When the Nimbus first appeared in 1919, the competition laughed at its weird and strange appearance.
But behind that look was just a really good - and quite expensive - motorcycle and Nimbus became quite popular. Creator Pedar A Fisker promoted his product, because of its long cylindrical tank called 'the stovepipe', by driving one himself. He did that during tests and competitions and that was all beyond contempt.
The design underwent an improved 'B' version before production ceased around 1928, when 1252 motorcycles were produced.
Necked by the crisis
Because such a Nimbus was of very high quality, they became too expensive to sell in sufficient quantity due to the Great Recession of 1929-1930. Now we are a long row of recessions and the Nimbussen are beloved classics.
But in the early 1934s, Fisker thought he could continue playing after injury time. The new 'Model C' was built in a completely new factory from XNUMX.
The flat steel strip frame was the same design as the previous model, but the New Nimbus was really new. Also the block: the top half of the crankcase was cast in one piece with the ribbed air-cooled cylinder block.
In the cast iron cylinder head was an overhead camshaft driven by bevel wheels.
Take it easy, then the line won't break
Such a Nimbus was a real touring bike; it delivered approx. 18 hp at 4.000 rpm. It is a pleasant and stubborn design with good driving characteristics and a surprisingly good parts supply.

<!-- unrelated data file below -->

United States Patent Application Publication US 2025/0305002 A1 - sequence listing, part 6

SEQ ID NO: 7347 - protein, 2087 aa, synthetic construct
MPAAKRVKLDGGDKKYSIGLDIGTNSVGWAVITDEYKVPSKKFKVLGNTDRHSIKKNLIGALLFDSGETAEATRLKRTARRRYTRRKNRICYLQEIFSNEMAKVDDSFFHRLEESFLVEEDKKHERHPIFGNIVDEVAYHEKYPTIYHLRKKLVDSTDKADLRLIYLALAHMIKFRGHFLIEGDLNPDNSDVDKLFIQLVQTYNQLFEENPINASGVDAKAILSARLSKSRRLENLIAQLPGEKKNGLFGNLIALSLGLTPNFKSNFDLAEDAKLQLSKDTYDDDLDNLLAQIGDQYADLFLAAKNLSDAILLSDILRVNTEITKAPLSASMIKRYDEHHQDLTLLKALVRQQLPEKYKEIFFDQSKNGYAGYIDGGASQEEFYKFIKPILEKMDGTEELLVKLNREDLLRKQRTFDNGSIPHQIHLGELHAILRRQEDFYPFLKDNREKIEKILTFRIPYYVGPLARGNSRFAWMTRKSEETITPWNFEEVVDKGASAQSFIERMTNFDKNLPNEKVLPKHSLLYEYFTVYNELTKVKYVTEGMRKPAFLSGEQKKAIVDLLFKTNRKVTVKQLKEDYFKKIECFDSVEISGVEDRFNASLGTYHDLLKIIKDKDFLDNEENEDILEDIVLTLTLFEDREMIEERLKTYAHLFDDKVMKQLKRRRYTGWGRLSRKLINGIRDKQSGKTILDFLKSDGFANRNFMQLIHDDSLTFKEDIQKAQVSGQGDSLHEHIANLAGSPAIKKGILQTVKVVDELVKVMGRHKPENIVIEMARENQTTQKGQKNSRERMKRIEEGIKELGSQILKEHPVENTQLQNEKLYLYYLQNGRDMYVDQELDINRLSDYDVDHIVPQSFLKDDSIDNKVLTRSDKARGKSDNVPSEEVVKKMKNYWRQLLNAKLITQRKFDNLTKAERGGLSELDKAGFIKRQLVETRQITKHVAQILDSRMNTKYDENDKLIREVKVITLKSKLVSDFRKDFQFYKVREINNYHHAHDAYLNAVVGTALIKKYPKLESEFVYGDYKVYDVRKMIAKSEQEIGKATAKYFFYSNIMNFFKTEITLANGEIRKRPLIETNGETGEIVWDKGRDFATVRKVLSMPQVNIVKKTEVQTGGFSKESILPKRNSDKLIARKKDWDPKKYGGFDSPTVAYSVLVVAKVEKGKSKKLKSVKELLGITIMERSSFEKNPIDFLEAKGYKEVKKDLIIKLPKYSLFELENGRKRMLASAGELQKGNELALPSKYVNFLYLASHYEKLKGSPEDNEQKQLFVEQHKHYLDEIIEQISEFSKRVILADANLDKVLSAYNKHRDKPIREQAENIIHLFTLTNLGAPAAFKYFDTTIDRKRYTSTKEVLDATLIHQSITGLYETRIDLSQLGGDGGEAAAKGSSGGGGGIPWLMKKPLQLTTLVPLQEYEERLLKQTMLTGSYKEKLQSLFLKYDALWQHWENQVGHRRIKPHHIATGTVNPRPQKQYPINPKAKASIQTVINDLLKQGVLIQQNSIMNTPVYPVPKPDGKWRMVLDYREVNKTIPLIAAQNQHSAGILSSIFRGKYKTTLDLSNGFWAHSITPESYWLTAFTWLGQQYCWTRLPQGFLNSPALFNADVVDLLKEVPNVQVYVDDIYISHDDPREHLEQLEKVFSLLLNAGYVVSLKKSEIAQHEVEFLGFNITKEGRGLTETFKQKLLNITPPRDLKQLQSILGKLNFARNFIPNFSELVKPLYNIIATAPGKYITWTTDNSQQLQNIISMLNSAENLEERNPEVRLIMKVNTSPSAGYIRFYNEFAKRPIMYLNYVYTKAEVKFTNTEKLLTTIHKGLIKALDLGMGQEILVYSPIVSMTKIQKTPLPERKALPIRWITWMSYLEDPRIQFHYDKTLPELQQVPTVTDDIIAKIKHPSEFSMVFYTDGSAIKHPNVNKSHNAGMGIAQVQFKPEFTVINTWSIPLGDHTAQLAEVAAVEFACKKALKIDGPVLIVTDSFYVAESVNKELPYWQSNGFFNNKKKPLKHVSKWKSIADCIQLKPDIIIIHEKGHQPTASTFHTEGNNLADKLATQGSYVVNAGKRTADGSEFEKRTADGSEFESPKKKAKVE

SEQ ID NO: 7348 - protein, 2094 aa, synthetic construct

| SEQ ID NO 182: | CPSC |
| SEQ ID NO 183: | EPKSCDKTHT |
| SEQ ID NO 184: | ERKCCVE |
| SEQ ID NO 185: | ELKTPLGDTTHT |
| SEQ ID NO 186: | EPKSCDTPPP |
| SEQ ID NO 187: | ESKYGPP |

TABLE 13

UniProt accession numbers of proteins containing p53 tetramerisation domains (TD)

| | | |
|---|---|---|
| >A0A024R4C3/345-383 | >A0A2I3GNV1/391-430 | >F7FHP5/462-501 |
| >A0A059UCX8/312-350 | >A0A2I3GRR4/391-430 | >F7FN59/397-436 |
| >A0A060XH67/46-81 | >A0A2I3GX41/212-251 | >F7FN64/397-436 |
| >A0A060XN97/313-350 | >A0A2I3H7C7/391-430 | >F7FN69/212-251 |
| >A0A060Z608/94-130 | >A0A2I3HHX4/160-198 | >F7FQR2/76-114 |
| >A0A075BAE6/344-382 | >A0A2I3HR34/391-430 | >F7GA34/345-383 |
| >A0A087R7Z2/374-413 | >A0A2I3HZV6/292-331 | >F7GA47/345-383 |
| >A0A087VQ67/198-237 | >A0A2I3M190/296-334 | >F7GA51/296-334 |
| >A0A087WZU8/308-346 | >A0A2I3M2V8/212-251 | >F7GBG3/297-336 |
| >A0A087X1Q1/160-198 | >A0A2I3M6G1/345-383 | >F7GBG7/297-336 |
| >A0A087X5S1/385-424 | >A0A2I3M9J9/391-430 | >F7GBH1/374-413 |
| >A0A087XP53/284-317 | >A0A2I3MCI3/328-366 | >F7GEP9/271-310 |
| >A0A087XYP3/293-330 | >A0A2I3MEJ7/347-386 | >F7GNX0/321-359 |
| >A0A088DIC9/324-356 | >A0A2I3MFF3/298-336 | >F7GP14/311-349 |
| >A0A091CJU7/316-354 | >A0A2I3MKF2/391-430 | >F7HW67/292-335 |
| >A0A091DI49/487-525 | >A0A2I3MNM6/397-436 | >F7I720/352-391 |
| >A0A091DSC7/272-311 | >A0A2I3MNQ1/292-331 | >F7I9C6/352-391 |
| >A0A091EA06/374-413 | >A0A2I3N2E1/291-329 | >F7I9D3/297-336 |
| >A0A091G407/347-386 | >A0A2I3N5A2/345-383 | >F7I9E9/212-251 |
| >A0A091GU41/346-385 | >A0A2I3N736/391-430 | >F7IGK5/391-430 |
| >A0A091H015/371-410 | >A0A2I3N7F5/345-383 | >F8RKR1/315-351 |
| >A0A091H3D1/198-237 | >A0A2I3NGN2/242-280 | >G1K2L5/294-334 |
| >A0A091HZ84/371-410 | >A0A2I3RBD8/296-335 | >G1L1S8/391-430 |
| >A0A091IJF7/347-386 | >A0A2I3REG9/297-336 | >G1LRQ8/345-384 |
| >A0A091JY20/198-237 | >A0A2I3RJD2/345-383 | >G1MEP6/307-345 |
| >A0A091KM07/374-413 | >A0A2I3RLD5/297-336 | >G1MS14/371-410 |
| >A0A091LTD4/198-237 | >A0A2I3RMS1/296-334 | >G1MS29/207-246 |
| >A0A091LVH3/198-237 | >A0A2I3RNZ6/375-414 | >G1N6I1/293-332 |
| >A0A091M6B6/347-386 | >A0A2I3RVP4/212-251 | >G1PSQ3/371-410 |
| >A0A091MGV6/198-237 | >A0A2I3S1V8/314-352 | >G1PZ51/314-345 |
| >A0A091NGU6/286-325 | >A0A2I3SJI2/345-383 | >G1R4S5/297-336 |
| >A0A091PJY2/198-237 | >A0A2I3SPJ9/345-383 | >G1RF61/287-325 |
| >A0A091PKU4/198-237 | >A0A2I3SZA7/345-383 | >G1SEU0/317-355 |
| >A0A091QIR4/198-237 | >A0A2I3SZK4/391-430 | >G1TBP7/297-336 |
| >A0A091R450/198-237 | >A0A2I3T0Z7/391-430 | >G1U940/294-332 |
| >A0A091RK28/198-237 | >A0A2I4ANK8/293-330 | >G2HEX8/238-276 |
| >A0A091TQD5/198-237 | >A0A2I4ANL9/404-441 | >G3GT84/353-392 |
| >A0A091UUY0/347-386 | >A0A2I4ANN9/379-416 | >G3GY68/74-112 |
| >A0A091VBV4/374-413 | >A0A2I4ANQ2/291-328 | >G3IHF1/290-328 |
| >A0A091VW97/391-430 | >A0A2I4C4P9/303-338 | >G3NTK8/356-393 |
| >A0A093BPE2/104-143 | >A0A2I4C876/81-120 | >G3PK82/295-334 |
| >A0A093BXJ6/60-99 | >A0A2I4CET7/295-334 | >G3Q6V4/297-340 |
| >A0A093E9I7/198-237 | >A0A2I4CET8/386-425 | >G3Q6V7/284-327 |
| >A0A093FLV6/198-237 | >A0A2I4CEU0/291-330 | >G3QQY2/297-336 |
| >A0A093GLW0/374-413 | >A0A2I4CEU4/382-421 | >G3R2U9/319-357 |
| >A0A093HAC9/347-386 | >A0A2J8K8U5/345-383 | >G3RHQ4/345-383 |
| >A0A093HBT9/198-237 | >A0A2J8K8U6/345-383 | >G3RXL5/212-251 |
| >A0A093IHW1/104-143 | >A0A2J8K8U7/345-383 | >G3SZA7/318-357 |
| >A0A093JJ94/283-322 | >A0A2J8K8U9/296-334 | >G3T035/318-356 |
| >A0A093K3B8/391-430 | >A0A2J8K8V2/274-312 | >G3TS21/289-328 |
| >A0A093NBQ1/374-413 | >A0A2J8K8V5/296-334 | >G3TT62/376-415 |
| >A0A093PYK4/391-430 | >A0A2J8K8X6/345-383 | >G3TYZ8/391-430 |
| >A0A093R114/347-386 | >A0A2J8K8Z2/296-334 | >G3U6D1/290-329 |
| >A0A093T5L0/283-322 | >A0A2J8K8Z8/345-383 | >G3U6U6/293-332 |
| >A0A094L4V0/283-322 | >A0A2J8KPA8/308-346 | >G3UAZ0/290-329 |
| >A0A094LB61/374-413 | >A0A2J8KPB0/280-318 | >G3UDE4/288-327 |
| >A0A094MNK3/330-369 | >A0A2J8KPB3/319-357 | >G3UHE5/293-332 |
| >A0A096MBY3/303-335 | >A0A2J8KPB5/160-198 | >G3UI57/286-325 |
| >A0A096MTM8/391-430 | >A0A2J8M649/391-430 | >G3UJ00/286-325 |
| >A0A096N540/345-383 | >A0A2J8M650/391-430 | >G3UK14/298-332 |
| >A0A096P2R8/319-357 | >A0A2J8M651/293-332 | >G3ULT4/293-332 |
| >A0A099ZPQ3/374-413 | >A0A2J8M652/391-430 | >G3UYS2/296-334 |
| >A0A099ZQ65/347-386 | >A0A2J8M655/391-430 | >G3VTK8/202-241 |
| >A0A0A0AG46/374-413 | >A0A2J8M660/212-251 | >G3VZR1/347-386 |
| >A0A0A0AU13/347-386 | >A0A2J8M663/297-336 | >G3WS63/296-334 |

(Almost) everything for the government
Most Model C's were bought by the Danish army, the police and the post office. So they largely stayed in their country of origin until international trade discovered them. This also brought them within reach of non-local enthusiasts.
Look for the differences
To the uninhibited viewer, all Nimbus machines are quite similar, but by the end of the XNUMXs there were actually four models: the standard model which was finished in black without piping with manual transmission and the Luxus, Sport and Special models. models equipped with a foot switch.
The Sport and Special had more powerful 22HP engines and differed in their finish: the former was finished in blue and had a high-lying exhaust and the latter was finished in lavender or ivory.
Here in the Netherlands, there are three providers who regularly track down Nimbuses to have them adopted by new owners: D-Classics, Dutch Lion and Yesterdays. The engines they offer usually cross the border again.
Nice to hear, nice to drive
In the meantime, a running Nimbus four-cylinder block with its bottlenose dolphins working in the open air is a joy to see and hear. And although the frame made of steel strips does not look very encouraging, it was used without any problems to hang various types of sidecars on it. The frame and the brakes have their limitations, but when strolling around quietly and with sufficient traffic anticipation, that still does not pose any problems.
Read more articles about classic engines.